China Heeds Global Demand For Anti-coronavirus Masks

Ethiopian airport

As much of the world attempts to source much needed face masks, Africa has been offered 5.4 million masks, more than a million testing kits and other items in a donation from Chinese billionaire Jack Ma.

Egypt, Sudan, Eritrea and Djibouti will be the first countries to receive the consignment to be shipped out of Ethiopia this week.

The supplies are being donated by China’s Alibaba Group Holding Ltd. and Jack Ma. More medical supplies are expected over the next few weeks.

“Getting these donations to all 54 African countries, with diverse geographic conditions and different levels of infrastructure, is a great logistical and transportation challenge,” the foundation said. “We are working around the clock to make the delivery as fast as possible.”

Ethiopia’s Health Ministry will coordinate the distribution together with the national carrier, Ethiopian Airlines, and with support from the World Food Program and the Africa Centres for Disease Control and Prevention, Prime Minister Abiy Ahmed said. Abiy announced a week ago he’d struck a deal with Ma.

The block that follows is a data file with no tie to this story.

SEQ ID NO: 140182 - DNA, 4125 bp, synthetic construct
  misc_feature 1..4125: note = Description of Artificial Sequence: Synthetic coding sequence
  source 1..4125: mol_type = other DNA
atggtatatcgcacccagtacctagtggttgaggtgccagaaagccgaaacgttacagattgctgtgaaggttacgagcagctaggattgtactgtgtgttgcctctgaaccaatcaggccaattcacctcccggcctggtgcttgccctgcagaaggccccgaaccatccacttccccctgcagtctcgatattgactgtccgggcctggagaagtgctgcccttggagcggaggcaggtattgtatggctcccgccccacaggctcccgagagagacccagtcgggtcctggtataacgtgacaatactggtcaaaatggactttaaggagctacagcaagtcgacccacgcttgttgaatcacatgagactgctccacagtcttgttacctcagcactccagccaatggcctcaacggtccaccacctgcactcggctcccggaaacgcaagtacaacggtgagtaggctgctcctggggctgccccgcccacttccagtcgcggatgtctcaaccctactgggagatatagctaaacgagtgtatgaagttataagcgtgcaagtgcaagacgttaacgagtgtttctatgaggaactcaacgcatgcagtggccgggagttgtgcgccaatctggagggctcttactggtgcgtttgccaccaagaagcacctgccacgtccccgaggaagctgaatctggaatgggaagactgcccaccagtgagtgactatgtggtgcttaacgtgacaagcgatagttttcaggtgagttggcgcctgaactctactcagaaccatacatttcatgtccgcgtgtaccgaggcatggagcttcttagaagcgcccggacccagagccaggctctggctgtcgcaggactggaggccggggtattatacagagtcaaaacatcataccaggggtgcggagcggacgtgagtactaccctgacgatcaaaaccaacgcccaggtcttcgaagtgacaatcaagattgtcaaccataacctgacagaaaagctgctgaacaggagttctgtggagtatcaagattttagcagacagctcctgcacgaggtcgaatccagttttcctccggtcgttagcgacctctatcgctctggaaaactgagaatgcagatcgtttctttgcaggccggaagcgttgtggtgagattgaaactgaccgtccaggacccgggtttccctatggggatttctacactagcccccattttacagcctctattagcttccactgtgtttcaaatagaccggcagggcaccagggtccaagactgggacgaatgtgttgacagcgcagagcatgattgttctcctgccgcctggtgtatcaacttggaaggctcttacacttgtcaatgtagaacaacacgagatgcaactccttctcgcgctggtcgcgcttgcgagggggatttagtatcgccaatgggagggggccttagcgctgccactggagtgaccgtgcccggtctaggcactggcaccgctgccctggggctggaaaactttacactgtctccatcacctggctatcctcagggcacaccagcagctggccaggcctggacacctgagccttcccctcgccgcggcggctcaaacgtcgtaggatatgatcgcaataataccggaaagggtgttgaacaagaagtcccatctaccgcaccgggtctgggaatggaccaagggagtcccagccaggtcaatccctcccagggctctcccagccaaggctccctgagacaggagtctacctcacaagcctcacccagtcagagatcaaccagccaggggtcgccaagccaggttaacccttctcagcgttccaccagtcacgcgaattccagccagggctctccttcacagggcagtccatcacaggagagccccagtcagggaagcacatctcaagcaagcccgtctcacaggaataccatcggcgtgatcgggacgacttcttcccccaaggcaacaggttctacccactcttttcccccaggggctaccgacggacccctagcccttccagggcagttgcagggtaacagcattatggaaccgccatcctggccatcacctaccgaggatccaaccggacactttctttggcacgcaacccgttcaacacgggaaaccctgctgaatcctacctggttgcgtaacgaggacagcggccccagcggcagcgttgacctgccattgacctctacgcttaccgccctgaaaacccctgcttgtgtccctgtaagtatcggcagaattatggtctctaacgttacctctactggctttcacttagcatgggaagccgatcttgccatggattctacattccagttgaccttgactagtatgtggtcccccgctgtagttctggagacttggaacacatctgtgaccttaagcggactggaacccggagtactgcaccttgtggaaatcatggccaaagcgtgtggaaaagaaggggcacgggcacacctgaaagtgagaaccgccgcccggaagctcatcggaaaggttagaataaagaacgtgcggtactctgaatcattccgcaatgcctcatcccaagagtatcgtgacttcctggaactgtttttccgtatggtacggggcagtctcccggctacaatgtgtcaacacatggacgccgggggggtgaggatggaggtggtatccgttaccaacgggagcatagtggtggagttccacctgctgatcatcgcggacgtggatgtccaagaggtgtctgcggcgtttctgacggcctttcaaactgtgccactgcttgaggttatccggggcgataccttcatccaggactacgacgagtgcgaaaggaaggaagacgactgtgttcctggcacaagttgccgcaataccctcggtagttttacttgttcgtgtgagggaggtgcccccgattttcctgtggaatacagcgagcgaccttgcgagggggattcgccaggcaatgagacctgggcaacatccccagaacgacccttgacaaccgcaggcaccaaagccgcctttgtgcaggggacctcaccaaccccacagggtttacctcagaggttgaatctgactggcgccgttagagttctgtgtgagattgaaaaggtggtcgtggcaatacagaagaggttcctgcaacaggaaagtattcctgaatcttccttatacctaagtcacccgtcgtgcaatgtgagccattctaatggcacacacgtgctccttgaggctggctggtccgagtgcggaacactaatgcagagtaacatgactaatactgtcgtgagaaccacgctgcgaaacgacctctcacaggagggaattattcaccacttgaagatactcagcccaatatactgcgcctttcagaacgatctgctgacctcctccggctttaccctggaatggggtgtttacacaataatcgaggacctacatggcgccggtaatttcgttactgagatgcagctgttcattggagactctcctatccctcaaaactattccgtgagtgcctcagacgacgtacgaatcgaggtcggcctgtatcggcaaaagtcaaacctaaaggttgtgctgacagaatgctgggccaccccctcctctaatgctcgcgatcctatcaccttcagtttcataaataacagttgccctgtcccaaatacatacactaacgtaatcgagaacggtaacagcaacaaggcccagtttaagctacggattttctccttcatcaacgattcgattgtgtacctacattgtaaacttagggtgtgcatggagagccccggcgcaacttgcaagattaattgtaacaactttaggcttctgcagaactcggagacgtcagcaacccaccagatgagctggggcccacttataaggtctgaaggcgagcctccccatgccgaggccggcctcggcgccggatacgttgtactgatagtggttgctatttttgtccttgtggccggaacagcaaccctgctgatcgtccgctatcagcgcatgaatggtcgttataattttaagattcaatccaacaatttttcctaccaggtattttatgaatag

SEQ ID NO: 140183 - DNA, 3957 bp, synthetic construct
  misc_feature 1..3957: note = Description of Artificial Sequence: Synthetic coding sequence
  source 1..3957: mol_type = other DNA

A Chinese aid package is also being sent to the European Union, including masks and test kits for Italy, as Rome faces the most urgent needs among member states in the coronavirus crisis.

“China has not forgotten that in January … the EU helped,” Ursula von der Leyen, President of the European Union, said in a video posted on Twitter. “Today, we are the centre of the coronavirus outbreak pandemic, and we need protective equipment ourselves.”

Meanwhile, some health professionals have begun reusing masks and gloves. Others have taken to social media with public pleas for help using the hashtag #GetMePPE, an acronym for personal protective equipment. Without proper covering, every new bedside visit might prove fatal, especially for older physicians and their families.

“The sky is falling,” one doctor wrote in an opinion piece for The New York Times.

“We’re heading into the abyss,” wrote another.

The short supply of masks in particular is dire.

SOURCE: Global Information Network


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